access credit to hire employees and expand. the Recovery Act
provided $730 million to the SBA to eliminate fees on SBA-backed
loans and raise the guarantee to 90 percent on certain loans.
Furthermore, the Administration expanded the Microloan program and
the Surety Bond Guarantee program and provided funds to improve the
efficiency of the SBA's lending and oversight processes. Combined
with measures taken under the Financial Stability Plan to unfreeze
the secondary markets on which SBA loans are bought and sold, the
Recovery Act SBA loan provisions have supported $30 billion in
lending to more than 70,000 small businesses through October 2010.
These measures were critical to the rebound of SBA-backed loans
through 2009 and early 2010 (FIGURE 7-6).



The SBJA went even further to increase the amount of loans to
small businesses. It provided $505 million to the SBA to support up
to $14 billion in new lending for small business while extending
Recovery Act provisions to increase loan guarantees and reduce fees,
thus ensuring continued access to more affordable credit for small
business owners. From February 2009 through December 2010, the SBA
has supported more than $42 billion of loans to nearly 82,000 small
businesses.
The Administration also took several new steps to increase
access to credit. For example, as small businesses grow, they
typically need to borrow more to finance more expensive equipment, to
increase their real estate holdings, and to hire more skilled workers.
In addition to extending Recovery Act SBA lending initiatives, the
SBJA also permanently increased the maximum size of SBA 7(a) program
loans from $2 million to $5 million, raised the lending limit in the
SBA 504 manufacturing-related loan program from $4 million to $5.5
million, and temporarily increased the SBA express program limit from
$350,000 to $1 million.
Small Business Lending Fund. the Administration's efforts also
focused on increasing small business lending more broadly. As noted,
community banks are a critical source of credit for small businesses.
These banks struggled during the financial crisis and sharply cut
back their small business lending, though less dramatically than did
larger institutions. to support these community banks and encourage
more lending, the Administration created a Small Business Lending Fund
to be administered by the treasury Department and tailored to the
specific needs of each state. Under this plan, the Federal Government
is authorized to lend up to $30 billion in capital to community banks
in return for preferred stock. the dividend rate that banks are
required to pay back to the treasury depends on how much they
increase their loans to small business, with a dividend rate as
low as 1 percent for lenders that increase loans by 10 percent or
more.
State Small Business Credit Initiative. As part of the SBJA,
the Administration also took action to boost small business lending
by establishing a State Small Business Credit Initiative. Several
states have already implemented loan programs to support small
businesses, and the Administration is working with other states to
create similar programs. Capital Access Programs, for example,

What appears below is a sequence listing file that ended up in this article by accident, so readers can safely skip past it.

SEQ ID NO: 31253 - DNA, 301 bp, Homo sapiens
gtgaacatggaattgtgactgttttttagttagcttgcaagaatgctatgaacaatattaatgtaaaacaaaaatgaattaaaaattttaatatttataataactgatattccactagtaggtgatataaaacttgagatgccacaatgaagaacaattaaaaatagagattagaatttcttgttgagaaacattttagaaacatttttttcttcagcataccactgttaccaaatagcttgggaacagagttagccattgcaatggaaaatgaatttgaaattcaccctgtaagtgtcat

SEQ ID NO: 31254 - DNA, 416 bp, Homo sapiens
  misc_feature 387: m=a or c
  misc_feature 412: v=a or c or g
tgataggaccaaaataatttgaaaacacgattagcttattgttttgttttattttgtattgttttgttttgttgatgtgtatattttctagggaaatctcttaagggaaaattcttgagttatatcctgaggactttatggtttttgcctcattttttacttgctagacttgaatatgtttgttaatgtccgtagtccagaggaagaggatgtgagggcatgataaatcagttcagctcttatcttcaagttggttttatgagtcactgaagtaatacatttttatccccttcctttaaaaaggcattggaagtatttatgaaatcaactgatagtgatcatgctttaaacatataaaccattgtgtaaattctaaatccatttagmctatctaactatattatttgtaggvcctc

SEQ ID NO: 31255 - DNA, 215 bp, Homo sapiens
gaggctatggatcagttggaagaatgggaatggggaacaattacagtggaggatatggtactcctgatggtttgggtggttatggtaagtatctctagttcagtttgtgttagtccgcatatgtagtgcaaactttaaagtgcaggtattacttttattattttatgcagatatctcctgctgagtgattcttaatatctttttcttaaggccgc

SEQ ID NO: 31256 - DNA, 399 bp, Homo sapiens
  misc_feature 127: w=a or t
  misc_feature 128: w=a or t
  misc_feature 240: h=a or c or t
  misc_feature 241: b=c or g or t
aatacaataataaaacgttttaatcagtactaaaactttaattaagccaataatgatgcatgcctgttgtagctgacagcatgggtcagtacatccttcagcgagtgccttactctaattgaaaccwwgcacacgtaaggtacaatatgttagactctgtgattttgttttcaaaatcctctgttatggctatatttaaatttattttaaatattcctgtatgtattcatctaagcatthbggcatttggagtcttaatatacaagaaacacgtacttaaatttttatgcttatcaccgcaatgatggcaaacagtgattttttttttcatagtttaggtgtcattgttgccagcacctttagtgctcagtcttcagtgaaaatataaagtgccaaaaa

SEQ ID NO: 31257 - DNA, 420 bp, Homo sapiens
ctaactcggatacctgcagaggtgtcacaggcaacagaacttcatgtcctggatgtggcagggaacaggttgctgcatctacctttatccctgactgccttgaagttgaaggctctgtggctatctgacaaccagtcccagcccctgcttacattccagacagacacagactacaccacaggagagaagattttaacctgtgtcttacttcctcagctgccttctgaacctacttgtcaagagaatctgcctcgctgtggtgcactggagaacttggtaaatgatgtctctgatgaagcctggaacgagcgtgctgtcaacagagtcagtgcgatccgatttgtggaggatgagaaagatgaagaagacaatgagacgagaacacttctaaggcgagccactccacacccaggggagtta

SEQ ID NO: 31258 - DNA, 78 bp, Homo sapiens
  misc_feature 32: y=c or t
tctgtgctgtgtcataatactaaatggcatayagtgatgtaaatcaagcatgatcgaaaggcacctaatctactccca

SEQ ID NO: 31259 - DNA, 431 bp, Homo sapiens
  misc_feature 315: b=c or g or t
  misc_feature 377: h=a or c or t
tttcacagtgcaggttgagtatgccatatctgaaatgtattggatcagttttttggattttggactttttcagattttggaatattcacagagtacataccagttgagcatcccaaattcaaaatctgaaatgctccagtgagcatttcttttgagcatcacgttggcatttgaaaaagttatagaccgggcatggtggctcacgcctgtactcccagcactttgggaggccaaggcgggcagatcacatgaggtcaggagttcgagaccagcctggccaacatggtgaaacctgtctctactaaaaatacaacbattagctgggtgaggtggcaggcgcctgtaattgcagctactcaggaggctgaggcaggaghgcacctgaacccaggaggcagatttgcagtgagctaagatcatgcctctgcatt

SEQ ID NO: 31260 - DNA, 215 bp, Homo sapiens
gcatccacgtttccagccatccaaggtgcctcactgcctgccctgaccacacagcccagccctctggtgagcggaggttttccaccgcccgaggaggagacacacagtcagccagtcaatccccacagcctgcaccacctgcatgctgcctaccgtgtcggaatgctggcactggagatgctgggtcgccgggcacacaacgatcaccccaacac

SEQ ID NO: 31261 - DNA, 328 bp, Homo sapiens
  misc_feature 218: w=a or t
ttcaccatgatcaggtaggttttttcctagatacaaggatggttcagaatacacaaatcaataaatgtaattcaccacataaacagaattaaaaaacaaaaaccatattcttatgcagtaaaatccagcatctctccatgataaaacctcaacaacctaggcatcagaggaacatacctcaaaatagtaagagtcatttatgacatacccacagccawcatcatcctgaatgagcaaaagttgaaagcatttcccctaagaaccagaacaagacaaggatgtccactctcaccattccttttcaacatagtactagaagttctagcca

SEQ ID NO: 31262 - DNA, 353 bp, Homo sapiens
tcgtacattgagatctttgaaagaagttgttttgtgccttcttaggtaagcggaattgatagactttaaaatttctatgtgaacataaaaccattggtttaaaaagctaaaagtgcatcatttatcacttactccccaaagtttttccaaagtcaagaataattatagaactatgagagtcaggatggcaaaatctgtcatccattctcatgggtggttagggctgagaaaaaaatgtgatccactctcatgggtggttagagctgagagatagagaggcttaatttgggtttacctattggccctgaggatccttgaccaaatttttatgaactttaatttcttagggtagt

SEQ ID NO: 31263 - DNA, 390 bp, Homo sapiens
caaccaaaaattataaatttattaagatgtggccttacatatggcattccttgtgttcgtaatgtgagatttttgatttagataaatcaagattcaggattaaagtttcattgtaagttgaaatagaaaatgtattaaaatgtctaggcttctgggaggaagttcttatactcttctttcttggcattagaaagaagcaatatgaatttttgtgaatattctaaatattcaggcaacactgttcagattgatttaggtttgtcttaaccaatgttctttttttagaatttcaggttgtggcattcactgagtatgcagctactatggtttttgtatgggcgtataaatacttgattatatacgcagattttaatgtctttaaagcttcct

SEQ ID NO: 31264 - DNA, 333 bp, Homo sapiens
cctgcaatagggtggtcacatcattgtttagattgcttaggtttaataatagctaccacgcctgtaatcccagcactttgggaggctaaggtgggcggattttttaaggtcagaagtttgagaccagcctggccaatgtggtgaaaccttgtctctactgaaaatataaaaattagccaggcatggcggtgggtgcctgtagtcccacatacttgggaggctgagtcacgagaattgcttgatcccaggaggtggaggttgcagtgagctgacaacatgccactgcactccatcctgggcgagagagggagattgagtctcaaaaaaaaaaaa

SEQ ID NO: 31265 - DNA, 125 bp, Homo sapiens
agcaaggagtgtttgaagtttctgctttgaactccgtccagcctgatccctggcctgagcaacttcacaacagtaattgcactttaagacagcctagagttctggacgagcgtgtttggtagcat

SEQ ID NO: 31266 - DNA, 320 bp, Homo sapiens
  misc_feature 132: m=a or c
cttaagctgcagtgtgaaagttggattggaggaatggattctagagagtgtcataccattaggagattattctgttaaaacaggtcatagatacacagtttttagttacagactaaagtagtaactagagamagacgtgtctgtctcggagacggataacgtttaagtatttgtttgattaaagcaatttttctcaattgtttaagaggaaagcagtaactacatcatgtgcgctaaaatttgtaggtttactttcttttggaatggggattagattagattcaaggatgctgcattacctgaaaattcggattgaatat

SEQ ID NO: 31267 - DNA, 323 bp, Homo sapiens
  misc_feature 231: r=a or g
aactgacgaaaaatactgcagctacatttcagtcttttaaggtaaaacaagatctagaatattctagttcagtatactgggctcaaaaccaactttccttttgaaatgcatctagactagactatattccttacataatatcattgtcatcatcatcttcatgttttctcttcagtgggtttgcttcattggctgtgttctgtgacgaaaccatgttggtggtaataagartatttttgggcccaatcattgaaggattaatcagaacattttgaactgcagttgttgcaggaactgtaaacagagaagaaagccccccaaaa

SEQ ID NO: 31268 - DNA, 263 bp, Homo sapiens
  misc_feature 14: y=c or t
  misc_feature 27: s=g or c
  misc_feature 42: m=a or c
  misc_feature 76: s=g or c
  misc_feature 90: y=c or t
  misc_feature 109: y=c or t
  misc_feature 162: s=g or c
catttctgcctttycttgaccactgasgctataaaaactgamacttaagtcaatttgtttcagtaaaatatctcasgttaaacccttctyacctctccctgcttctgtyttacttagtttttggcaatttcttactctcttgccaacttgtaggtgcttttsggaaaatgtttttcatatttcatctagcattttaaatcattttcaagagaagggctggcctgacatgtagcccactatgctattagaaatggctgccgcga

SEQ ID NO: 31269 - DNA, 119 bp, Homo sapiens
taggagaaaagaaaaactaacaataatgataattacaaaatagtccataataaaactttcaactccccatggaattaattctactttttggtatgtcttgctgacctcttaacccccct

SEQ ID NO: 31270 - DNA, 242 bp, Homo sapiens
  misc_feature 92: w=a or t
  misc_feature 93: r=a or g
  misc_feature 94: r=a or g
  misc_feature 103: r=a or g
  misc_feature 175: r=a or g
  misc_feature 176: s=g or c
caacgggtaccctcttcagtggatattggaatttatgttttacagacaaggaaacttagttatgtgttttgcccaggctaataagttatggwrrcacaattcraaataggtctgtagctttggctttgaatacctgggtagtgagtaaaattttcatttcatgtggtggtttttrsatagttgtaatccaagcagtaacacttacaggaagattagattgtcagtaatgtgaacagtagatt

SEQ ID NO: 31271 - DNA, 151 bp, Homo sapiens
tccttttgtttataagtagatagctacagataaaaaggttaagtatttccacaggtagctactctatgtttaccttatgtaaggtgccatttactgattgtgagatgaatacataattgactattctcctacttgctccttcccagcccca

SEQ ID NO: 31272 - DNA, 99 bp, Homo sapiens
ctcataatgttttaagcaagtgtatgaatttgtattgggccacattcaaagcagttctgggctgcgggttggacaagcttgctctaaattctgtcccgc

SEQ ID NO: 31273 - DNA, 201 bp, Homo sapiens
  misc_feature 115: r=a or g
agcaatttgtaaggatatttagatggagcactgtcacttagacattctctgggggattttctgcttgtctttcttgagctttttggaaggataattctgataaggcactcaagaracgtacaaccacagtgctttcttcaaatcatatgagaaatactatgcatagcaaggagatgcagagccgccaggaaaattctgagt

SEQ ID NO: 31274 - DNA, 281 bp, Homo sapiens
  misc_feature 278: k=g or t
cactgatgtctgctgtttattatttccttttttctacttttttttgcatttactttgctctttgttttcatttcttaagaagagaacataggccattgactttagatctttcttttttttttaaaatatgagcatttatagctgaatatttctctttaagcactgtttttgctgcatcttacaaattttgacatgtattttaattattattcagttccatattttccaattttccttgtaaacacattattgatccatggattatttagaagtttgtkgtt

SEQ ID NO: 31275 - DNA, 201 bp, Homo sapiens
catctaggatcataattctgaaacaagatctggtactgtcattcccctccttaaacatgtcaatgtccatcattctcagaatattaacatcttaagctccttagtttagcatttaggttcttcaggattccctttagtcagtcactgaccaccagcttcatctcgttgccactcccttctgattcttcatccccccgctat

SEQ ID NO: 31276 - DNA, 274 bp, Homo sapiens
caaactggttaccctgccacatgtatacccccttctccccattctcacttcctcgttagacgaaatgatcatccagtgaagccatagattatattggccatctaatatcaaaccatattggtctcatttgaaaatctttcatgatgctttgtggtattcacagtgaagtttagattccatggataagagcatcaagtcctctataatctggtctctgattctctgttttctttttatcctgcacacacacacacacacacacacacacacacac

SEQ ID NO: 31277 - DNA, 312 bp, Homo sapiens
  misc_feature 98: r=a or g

create loan-loss reserves to which lenders and state governments
contribute funds. Across a range of states, these funds have
historically leveraged $10 to $30 from every $1 of public funds.
The credit initiative will provide $1.5 billion to shore up state
programs that faced difficulties during the economic downturn and
to spur private sector lending to small businesses. this initiative
will require a minimum leverage of 10 to 1--$10 for every $1
received from the treasury Department, thus designed to support a
total of $15 billion in lending across the nation.
National Export Initiative. Another important program to benefit
small business is the National export Initiative (NeI), launched
through an executive order issued by the President on March 11, 2010.
The NEI calls for a national outreach campaign both to identify small
businesses that may be able to increase their exports and to raise
awareness generally among the nation's small businesses about export
opportunities. the NEI, working through a number of agencies,
including the Commerce Department's International trade
Administration, will also provide training and other kinds of
technical assistance to help small businesses prepare to become
exporters. In addition, the NeI proposes to set up a pilot program
to match small businesses with export intermediaries and outlines
several measures to support small businesses with trade assistance
programs once they begin to export to new markets. In the 11 months
before August 2010, the export-Import bank increased its approvals
for small business loans nearly 14 percent, from $3.6 billion to
$4.1 billion.

Policies to Encourage Greater Access to Capital

In addition to providing tax cuts and increasing credit for
existing small firms, the Administration also has introduced
important policies to provide access to capital and to encourage the
formation of new businesses. In particular, the Administration has
launched several important initiatives to facilitate the flow of
venture and growth capital to small businesses and create more
supportive conditions for the launch of new ventures.
Small Business Investment Company (SBIC) Program. SBICs are